c. Complies data obtained and assembles data into a logical sequence for review and use by others specialist. Enters and retrieves data from automated databases.

2. To perform duties of this position requires the use of motor vehicles. In most cases this will be a 4-wheel drive vehicle or ATV. 5%

Performs other duties as assigned.

Qualifications:

Factor 1 – Knowledge Required by the Position 

  • Knowledge of processes, methods, and procedures associated with aid level duties sufficient to resolve a variety of soils related problems.
  • Knowledge of basic principles of soils sufficient to evaluate data collected for accuracy, determine causes of variances, and applicability of data to the overall program/project.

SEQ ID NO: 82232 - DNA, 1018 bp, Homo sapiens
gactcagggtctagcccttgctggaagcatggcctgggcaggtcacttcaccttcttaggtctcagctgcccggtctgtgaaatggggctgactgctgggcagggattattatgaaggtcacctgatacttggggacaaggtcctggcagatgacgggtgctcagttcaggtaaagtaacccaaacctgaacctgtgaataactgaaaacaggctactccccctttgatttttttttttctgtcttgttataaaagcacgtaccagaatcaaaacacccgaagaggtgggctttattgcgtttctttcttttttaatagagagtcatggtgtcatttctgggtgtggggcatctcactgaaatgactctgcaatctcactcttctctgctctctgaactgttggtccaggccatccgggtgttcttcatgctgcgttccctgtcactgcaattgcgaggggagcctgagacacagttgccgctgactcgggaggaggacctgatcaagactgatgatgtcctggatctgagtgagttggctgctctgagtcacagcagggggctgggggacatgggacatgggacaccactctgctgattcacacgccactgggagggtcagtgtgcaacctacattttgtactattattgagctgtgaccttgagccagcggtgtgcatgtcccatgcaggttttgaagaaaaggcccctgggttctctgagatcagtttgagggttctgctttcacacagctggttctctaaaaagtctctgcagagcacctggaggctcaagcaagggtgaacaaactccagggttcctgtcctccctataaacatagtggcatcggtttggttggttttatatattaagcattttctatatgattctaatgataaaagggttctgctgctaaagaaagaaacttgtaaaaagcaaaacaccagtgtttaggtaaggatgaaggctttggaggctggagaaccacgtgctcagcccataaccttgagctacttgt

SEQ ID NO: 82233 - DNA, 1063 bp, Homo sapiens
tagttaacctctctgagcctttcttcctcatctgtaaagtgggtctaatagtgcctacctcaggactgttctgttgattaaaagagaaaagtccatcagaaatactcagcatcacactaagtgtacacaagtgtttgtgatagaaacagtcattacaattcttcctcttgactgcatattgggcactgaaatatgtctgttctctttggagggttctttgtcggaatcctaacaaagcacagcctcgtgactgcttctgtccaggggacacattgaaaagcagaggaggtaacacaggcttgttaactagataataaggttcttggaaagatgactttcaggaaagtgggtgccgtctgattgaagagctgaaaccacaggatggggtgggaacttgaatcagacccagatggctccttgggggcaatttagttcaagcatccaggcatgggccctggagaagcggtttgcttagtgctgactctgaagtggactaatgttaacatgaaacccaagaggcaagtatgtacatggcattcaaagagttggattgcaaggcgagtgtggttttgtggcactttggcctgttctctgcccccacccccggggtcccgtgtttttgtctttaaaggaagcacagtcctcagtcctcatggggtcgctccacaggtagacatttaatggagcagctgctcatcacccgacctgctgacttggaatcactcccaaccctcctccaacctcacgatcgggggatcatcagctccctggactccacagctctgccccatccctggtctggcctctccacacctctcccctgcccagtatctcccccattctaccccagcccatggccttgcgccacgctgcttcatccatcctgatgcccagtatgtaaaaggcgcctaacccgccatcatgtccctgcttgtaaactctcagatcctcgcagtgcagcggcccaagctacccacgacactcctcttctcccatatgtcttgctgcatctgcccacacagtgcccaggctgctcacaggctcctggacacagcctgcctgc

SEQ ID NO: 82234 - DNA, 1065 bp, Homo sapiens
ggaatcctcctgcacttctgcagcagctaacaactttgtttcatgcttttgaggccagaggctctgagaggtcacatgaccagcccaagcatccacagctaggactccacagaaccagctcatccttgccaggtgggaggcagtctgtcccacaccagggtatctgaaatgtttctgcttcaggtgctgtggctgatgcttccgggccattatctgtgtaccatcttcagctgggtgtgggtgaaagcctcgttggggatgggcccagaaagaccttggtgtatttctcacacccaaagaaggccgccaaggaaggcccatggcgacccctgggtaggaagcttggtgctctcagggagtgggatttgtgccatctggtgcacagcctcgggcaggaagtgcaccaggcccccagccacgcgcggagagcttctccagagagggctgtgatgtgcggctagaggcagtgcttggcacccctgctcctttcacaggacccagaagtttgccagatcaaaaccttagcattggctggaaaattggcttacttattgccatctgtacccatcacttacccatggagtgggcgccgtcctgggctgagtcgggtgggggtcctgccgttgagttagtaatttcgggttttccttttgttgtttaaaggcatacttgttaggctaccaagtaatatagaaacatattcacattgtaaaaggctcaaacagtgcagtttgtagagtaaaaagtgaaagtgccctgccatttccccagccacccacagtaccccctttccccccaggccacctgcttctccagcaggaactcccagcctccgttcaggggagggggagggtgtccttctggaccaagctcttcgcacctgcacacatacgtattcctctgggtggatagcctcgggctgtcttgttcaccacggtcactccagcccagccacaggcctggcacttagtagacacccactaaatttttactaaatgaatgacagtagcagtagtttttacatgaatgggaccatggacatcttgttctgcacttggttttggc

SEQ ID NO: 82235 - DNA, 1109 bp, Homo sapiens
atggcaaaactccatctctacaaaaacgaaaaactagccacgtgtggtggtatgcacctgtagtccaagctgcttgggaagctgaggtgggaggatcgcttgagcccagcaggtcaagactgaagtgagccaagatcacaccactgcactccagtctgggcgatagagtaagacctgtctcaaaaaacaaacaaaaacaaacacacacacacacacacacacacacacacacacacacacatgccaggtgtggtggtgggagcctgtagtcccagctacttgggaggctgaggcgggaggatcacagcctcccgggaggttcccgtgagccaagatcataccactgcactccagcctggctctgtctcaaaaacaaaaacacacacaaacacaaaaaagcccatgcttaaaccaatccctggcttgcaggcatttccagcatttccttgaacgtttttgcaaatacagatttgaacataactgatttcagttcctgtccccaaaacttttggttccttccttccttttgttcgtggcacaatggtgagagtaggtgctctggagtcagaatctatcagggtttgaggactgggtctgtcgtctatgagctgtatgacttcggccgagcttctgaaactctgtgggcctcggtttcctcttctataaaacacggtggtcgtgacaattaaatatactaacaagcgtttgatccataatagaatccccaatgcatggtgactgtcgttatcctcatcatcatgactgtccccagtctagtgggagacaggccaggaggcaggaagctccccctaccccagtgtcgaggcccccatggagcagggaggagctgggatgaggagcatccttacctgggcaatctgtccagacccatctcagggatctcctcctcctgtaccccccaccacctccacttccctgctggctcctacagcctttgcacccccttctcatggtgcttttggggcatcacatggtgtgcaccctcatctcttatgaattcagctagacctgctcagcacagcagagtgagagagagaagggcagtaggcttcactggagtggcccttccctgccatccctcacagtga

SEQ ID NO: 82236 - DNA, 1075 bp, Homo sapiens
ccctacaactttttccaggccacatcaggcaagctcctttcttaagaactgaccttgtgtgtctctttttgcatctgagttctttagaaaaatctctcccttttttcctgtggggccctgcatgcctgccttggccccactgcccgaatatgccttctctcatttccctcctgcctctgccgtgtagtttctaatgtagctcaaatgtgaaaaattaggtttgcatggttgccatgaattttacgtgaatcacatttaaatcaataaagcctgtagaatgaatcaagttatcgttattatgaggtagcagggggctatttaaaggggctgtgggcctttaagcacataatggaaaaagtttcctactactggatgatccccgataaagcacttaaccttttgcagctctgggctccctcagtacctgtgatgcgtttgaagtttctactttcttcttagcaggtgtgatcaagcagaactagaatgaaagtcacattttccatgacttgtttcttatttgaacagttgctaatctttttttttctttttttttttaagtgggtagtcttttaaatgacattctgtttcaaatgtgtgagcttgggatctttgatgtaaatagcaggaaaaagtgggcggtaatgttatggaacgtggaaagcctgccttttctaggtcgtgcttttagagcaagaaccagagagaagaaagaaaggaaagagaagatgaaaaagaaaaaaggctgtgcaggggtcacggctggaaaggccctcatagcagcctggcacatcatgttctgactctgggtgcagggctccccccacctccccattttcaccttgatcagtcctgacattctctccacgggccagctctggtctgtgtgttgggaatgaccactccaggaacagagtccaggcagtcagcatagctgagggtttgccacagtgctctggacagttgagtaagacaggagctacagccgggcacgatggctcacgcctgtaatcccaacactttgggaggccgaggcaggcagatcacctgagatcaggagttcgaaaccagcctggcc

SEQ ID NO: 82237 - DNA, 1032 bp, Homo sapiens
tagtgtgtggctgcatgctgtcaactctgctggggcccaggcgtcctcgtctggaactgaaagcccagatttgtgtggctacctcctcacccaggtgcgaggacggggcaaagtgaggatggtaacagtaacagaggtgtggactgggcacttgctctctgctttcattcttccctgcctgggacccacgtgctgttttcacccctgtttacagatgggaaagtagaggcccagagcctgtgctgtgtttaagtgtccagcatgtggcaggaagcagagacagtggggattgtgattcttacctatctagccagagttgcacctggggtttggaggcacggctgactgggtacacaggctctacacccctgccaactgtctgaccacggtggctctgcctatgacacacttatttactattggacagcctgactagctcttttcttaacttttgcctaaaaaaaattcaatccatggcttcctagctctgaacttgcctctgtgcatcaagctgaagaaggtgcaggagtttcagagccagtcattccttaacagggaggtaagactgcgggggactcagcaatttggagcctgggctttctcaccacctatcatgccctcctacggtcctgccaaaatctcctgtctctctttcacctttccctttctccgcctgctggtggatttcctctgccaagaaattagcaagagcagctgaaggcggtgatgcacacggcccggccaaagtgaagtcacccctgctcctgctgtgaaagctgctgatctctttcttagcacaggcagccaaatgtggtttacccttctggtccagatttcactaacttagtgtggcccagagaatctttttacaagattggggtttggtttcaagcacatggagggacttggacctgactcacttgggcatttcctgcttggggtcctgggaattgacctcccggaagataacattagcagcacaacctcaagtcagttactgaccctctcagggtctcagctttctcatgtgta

• Ability to safely operate 2 and 4-wheel drive vehicles and ATVs.
  • Knowledge of computer capabilities sufficient to produce reports with graphics, produce simple maps, develop spreadsheets, and enter, retrieve and manipulate data.
  • Ability to read maps and use GPS equipment to determine and record locations. Ability to use common hand tools.
  • Ability to operate equipment to check soil attributes and location.

Factor 2 – Supervisory Controls 

  • Supervisor or other employee makes continuing assignments by initially indicating, orally or through written instructions, such criteria as the amount of work expected, general explanation of what is to be done, advice on the location of reference material or work samples, and the nature of the limits applicable to the assignments. Additional specific instructions are provided for new, more difficult, or unusual assignments.